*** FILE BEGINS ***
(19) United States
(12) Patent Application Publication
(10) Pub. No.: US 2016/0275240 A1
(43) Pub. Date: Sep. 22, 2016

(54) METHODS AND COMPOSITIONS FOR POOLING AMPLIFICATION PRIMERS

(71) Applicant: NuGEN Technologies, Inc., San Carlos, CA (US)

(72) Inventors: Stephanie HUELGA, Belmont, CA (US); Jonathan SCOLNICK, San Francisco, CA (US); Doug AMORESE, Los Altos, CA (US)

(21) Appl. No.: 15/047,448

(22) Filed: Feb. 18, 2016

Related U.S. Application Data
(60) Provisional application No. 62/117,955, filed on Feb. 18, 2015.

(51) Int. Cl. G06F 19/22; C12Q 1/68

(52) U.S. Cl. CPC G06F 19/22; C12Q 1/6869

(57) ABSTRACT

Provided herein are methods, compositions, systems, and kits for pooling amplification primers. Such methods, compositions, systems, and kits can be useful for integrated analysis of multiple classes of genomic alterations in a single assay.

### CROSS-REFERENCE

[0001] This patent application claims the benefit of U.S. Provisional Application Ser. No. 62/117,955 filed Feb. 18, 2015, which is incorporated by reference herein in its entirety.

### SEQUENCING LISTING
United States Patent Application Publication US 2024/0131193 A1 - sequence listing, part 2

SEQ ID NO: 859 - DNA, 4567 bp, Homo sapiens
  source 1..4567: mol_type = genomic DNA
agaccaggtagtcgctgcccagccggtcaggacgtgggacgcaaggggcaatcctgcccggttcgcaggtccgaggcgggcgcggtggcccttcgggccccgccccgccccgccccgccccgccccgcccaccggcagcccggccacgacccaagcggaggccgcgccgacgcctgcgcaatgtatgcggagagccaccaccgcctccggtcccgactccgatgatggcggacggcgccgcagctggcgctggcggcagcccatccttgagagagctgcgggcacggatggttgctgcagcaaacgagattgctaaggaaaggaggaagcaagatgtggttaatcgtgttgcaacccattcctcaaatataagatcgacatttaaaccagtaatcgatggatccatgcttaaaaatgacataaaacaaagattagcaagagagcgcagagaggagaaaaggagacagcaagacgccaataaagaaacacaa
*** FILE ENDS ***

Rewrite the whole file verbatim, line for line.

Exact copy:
(19) United States
(12) Patent Application Publication
(10) Pub. No.: US 2016/0275240 A1
(43) Pub. Date: Sep. 22, 2016

(54) METHODS AND COMPOSITIONS FOR POOLING AMPLIFICATION PRIMERS

(71) Applicant: NuGEN Technologies, Inc., San Carlos, CA (US)

(72) Inventors: Stephanie HUELGA, Belmont, CA (US); Jonathan SCOLNICK, San Francisco, CA (US); Doug AMORESE, Los Altos, CA (US)

(21) Appl. No.: 15/047,448

(22) Filed: Feb. 18, 2016

Related U.S. Application Data
(60) Provisional application No. 62/117,955, filed on Feb. 18, 2015.

(51) Int. Cl. G06F 19/22; C12Q 1/68

(52) U.S. Cl. CPC G06F 19/22; C12Q 1/6869

(57) ABSTRACT

Provided herein are methods, compositions, systems, and kits for pooling amplification primers. Such methods, compositions, systems, and kits can be useful for integrated analysis of multiple classes of genomic alterations in a single assay.

### CROSS-REFERENCE

[0001] This patent application claims the benefit of U.S. Provisional Application Ser. No. 62/117,955 filed Feb. 18, 2015, which is incorporated by reference herein in its entirety.

### SEQUENCING LISTING
United States Patent Application Publication US 2024/0131193 A1 - sequence listing, part 2

SEQ ID NO: 859 - DNA, 4567 bp, Homo sapiens
  source 1..4567: mol_type = genomic DNA
agaccaggtagtcgctgcccagccggtcaggacgtgggacgcaaggggcaatcctgcccggttcgcaggtccgaggcgggcgcggtggcccttcgggccccgccccgccccgccccgccccgccccgcccaccggcagcccggccacgacccaagcggaggccgcgccgacgcctgcgcaatgtatgcggagagccaccaccgcctccggtcccgactccgatgatggcggacggcgccgcagctggcgctggcggcagcccatccttgagagagctgcgggcacggatggttgctgcagcaaacgagattgctaaggaaaggaggaagcaagatgtggttaatcgtgttgcaacccattcctcaaatataagatcgacatttaaaccagtaatcgatggatccatgcttaaaaatgacataaaacaaagattagcaagagagcgcagagaggagaaaaggagacagcaagacgccaataaagaaacacaa